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Swing Surgeon opens clinic

Don Trahan believes he knows the proper way to swing a golf club, and it's not what most other golf instructors are teaching.

Nicknamed the Swing Surgeon, Trahan believes the golf swing should be short and simple. Take it back, take it up, take it down, take it through. No wrist cock. No swinging around your body. No getting the club to parallel.

Trahan, whose son D.J. is on the PGA Tour, can cite biomechanical studies that support his theories, especially his belief that swinging the club back to parallel (with the ground) is detrimental to both distance and a body's durability.

"How many teachers can't do the swing they're teaching? If they can't do it, what chance does the average student have?" Trahan said.

Trahan (www.swingsurgeon.com) is raising his profile in Charlotte, creating a golf school at Olde Sycamore Golf Plantation that will host a clinic at 10:30 a.m. on April 21. Pre-registration is required for the clinic (email mbartholomew@swingsurgeon.com).

Trahan, who lives in Spartanburg, S.C., will be here regularly for private lessons and teaching pro Mike Bartholomew will be on site on a daily basis. Bartholomew will also be available for indoor lessons at the Charlotte Athletic Club uptown.

Having taught extensively at Hilton Head Island, S.C., and at clinics around the country, Trahan has strong ideas about the golf swing and the state of the game.

"Why is golf shrinking?" Trahan asked.

"Players can't get better. They can't even get to be decent. When I ask students what they want, 99 percent have reasonable, reachable goals. They just want to get more confident and not have to look for their ball every other hole. But they can't get there because of the swing they're taught.

"And they're making courses too hard and the equipment is messed up."

Club heads, particularly on drivers, should be smaller, Trahan said, and drivers should be shorter. Drivers should be no more than 43 inches long for most players (the industry standard is 45 inches now).

The popular "rotational" golf swing in vogue the past 15 to 20 years is flawed, Trahan believes. In addition to being too difficult for the average player to master, it also creates too much stress on the body, particularly backs and wrists. Trahan's swing, a more vertical motion with a shorter backswing, alleviates the physical strain.

"I'm on a mission to tell people we can help them," he said. "We have a zero failure rate."

HANEY AND FEHERTY: The Golf Channel premieres new seasons of "The Haney Project" and "Feherty" starting at 9 p.m. Monday, stacking Hank Haney and David Feherty back to back on a weekly basis.

Haney will work with four celebrities this time - chef Mario Batali, actress/model Angie Everhart, singer Adam Levine and retired boxer Sugar Ray Leonard. Feherty's interview-based show expands to one hour with Michelle Wie and Sergio Garcia among the early guests.

On a conference call, Haney said he expects former client Tiger Woods might learn something if he reads Haney's upcoming book, "The Big Miss," about his time with the former world No. 1.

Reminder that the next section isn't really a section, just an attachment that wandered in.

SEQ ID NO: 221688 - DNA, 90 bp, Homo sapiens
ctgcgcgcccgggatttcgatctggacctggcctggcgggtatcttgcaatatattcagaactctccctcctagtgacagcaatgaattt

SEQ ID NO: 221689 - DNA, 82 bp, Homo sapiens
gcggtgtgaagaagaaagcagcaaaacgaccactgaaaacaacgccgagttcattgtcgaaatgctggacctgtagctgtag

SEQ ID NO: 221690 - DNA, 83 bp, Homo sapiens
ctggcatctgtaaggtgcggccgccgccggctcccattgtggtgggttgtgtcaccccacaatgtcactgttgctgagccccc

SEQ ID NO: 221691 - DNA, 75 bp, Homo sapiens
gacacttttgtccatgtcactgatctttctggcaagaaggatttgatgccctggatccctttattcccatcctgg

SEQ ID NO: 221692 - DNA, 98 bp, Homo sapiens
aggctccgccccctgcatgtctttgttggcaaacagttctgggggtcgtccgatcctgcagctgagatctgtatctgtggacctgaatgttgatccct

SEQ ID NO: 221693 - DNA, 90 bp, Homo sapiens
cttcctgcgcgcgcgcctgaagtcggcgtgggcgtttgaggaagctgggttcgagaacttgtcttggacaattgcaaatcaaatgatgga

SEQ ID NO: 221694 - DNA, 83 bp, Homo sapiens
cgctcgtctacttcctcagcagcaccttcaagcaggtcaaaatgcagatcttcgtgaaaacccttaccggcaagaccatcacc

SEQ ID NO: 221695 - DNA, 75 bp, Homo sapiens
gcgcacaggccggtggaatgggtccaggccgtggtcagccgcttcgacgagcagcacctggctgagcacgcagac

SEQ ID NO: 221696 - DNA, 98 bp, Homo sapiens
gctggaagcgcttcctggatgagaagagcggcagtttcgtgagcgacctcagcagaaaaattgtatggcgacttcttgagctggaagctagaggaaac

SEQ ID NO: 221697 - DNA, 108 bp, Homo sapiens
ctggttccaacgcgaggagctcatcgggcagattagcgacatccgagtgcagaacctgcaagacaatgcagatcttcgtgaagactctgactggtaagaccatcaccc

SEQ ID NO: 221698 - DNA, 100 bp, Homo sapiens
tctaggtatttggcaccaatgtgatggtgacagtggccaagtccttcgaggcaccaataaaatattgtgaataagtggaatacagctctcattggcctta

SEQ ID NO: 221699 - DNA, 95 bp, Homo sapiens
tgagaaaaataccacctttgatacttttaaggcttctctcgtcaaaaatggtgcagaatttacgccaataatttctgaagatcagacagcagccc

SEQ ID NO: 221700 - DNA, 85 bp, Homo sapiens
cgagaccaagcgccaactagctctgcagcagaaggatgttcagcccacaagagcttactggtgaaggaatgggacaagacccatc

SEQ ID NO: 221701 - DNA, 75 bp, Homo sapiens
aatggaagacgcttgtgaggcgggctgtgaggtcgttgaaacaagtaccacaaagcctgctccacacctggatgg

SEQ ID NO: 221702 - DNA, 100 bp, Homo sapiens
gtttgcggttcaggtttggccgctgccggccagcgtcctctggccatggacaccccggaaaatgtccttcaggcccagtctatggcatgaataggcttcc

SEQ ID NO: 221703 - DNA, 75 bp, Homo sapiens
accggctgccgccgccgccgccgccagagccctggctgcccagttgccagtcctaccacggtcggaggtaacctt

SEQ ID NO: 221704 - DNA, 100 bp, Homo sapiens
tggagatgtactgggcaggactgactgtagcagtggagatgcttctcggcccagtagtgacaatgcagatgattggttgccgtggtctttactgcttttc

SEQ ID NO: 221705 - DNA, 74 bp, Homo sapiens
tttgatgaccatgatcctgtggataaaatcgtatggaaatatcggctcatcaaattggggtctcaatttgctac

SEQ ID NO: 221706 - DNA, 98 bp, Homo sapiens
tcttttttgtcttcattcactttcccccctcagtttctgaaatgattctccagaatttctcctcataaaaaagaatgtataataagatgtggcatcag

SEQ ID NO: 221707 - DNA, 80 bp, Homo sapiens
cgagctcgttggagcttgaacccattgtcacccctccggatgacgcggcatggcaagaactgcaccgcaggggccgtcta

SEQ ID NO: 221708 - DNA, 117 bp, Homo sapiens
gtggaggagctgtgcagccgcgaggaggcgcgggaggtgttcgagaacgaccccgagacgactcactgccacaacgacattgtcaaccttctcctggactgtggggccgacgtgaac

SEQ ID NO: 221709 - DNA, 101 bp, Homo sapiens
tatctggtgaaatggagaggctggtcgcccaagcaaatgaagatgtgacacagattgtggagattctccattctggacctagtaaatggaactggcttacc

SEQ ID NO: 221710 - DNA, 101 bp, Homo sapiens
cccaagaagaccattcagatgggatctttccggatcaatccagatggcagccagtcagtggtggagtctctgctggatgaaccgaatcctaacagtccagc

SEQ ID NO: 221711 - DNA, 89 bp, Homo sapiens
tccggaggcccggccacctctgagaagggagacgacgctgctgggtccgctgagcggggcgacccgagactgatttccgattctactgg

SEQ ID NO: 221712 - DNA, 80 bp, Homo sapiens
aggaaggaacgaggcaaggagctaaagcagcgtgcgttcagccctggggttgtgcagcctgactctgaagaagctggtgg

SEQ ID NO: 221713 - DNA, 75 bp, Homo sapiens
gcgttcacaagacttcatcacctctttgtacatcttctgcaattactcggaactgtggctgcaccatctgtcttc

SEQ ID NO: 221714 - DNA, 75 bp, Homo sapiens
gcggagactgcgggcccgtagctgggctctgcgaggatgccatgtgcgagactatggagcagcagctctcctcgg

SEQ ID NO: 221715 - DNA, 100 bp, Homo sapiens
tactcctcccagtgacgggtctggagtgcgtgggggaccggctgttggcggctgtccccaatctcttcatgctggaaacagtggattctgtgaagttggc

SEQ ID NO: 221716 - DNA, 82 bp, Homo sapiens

"(Tiger) said he wasn't going to read it but he reads everything," Haney said on the call. "So if he does read it, maybe he'll learn something...

"I think it would be insightful. Hopefully it is. I know that it's fair and honest...There's going to be quite a few things that I think people look and say, wow, I didn't know that or that's surprising or interesting."

Feherty said he's hopeful Woods will sit for an interview on his show.

"I would not rule out Tiger Woods," Feherty said. "He hasn't said no."

What would Feherty ask?

"I'm tired of the whole TMZ notion that people are entitled to private details of people in the public view of their lives," Feherty said. "It just doesn't interest me.

"I'm more interested, to be honest with you, does he feel like a human being in that at any time has he been so anxious about whether or not he's going to regain any kind of form. Is it possible for him to reach that level again? Not just him, anybody else for that matter. Have we seen the 500-year flood?"

CHIP SHOTS: Concord's Trevor Cone is off to a strong start in his freshman season at Virginia Tech, leading the Hokies in scoring average (73.36) with a top-five finish among his five starts.

Masters champion Charl Schwartzel is hoping to throw a twist into the champions dinner he will host in April. Schwartzel wants to make it a barbecue and grill the various meats himself. He said details have not been finalized.

It appears certain that PGA Tour qualifying school as we know it is going away. Though details are still being worked out, the plan calls for starting the PGA Tour season in the fall - after the FedEx Cup playoffs.

It will start with a contrived three-week playoff-style schedule used for Nationwide Tour players and those deep down the big tour money list to play their way onto the PGA Tour.

If you're interested in golf art, the High Museum of Art in Atlanta is hosting "The Art of Golf" exhibit through June 24. The exhibit includes approximately 90 works of art by artists such as Rembrandt to Norman Rockwell to Andy Warhol.

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